Chairman

  58. Can I ask whether, in respect of this proposal, you are seeking to isolate it to the 20 Opposition supply day debates, because if you are not it is very difficult to know how the House is going to bring it about. Currently, the government controls the order paper and, to all intents and purposes, the business of the House so unless you are going to say, "This change will come in those slots which are the 20 days that the Opposition has for subjects of their choice, mainly the Conservative and Unionist Party but also the Liberal Democrat Party and other minor parties".
  (Mr Riddell) I understand the premise. It also depends on what you do with legislation. In practice it has to start with the 20 days. Then you get into issues like a business committee and the allocation of time.

Mr McWalter

  59. I would be a bit worried by your idea that a six hour debate or whatever is passe«. It seems to me that, just as you can have issues where it is clear that a short debate is appropriate, I was on the Science and Technology Select Committee and I suspect a six hour debate on nanotechnology might be extremely welcome. A lot of people might find out what is involved in that and it gives them an opportunity to explore all the implications of the issues. We do not use the six hour debate at all well because members come with prepared speeches. They read the speech out and even if somebody else has said exactly the same thing it does not deter them from reading it out. The government wants that speech read out because that is often from a friend and that is stopping somebody who might not be quite such a friend from being able to make a rather more telling contribution. Clearly, it is not just on technical matters. The debate on Iraq was suppressed and much shorter than members would have wished and I suspect the public would have wished. Also, if you do get a chance to speak, you do not just speak to 20 people. To start with, there are monitors all over the place. Secondly, whatever you say is reflected back when you next ask a minister a question. They go back and find out what you thought about it. I would be a bit worried to start from the position where you seem to be starting from, that that classical way of doing things is wrong. I would want to say instead let us make that right and, in addition, we could bring in some of these other ideas, not least into the evenings, where we have some very interesting submissions about how the evenings could be used more effectively.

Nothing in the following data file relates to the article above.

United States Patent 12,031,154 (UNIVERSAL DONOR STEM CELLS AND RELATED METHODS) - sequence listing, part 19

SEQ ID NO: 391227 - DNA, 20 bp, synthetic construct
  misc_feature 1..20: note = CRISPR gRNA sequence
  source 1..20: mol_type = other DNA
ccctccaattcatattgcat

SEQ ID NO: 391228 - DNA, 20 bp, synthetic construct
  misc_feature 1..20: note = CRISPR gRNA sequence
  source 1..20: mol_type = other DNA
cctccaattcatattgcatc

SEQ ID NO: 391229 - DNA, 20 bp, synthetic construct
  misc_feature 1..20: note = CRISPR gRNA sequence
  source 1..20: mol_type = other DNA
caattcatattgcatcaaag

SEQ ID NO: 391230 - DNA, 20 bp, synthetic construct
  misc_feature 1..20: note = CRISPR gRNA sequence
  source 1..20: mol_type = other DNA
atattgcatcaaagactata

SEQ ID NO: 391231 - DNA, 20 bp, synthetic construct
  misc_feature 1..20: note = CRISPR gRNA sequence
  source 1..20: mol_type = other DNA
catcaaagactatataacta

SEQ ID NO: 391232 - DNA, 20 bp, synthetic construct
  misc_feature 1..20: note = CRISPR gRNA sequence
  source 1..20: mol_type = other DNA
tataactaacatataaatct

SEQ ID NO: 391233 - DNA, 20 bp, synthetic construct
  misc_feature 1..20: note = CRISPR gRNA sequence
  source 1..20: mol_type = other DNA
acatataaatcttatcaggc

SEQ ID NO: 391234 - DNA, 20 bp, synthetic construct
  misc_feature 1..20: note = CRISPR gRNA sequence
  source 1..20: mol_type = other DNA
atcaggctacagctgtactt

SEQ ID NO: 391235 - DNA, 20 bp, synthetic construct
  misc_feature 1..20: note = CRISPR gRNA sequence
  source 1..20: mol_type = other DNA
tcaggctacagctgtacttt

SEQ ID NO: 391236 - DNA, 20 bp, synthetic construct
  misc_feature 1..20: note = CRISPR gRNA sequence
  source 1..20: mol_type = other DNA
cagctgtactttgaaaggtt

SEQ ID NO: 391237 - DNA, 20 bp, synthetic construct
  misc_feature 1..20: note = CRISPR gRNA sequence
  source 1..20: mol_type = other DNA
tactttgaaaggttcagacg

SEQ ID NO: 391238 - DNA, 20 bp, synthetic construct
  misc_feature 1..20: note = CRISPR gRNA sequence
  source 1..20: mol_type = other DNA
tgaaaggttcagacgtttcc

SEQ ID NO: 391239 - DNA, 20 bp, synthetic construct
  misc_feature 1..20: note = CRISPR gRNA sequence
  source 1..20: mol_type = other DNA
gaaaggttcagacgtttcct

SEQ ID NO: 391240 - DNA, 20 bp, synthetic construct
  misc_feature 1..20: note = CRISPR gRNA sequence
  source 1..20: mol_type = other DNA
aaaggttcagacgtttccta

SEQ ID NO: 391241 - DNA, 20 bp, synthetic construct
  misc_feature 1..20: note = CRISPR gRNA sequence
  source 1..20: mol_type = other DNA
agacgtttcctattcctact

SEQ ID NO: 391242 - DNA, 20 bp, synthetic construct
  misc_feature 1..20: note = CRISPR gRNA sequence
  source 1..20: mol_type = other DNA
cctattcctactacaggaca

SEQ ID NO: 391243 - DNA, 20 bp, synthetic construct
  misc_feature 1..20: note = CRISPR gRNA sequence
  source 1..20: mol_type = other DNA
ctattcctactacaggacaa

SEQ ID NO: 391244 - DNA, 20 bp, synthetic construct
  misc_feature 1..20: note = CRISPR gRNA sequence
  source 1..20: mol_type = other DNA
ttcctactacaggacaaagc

(Mr Riddell) Journalists, every May or June, write stories about Cabinet reshuffles and they are always brilliant at writing about who is going to get promoted. They are not always very good at who is going to get sacked. If I might draw a parallel, it is always very easy to advocate new ideas without saying where you are going to cut. Tony Newton, as the chairman of the Commission, brought a dose of world weary reality to our discussion. If you are going to propose something, where is the balance? I have been a journalist here for over 20 years now. On the big subjects, Iraq is a classic example, the Lords debate next week and the Lords debate previously, that is a format for long debates and arguably longer debates. On some subjects, in reality, the format of using the full chamber, you are primarily talking to a small group. That can be done in other ways. Where matters of intense public interest are concerned, often a shorter, sharper thing will get the wider impact. It is time to think more radically about the format of debates. You are politicians; I am a journalist; we are used to a certain type of discourse. I suggest that a very high percentage of your constituents, particularly the younger generation, regard it as weird.
  (Mr Brazier) In the same way that private notice questions, urgent questions, can come onto the agenda as statements, some of these suggestions could come in at a similar sort of time for an hour, so they would not eat into a massive amount of time but would come in when the case was made for them to be taken.

  Huw Irranca-Davies: Whilst I think it is right to try some experimentation because unless we try things we will die on our feet, I fail to see quite how going back to short, sharp debates will avoid the situation my colleague was referring to which is the debates still being stuffed full of either loyalists or the usual contenders and so on. Linked to that, how would that enable more access for back benchers such as myself with the 2002 regime and so on. You mentioned adjournment debates and I would again invite your comment. The benefit of adjournment debates is that the agenda is wrested from the government. It is set by the back benchers. I would be interested in your thoughts on how much more of short, sharp debates or longer debates should be set outside of the government by a business committee or by back benchers through adjournment debates and whether the evenings or other times could be used for more of that to hold the government to account. I see more potential in drawing the government to account that way rather than perhaps the length of debates.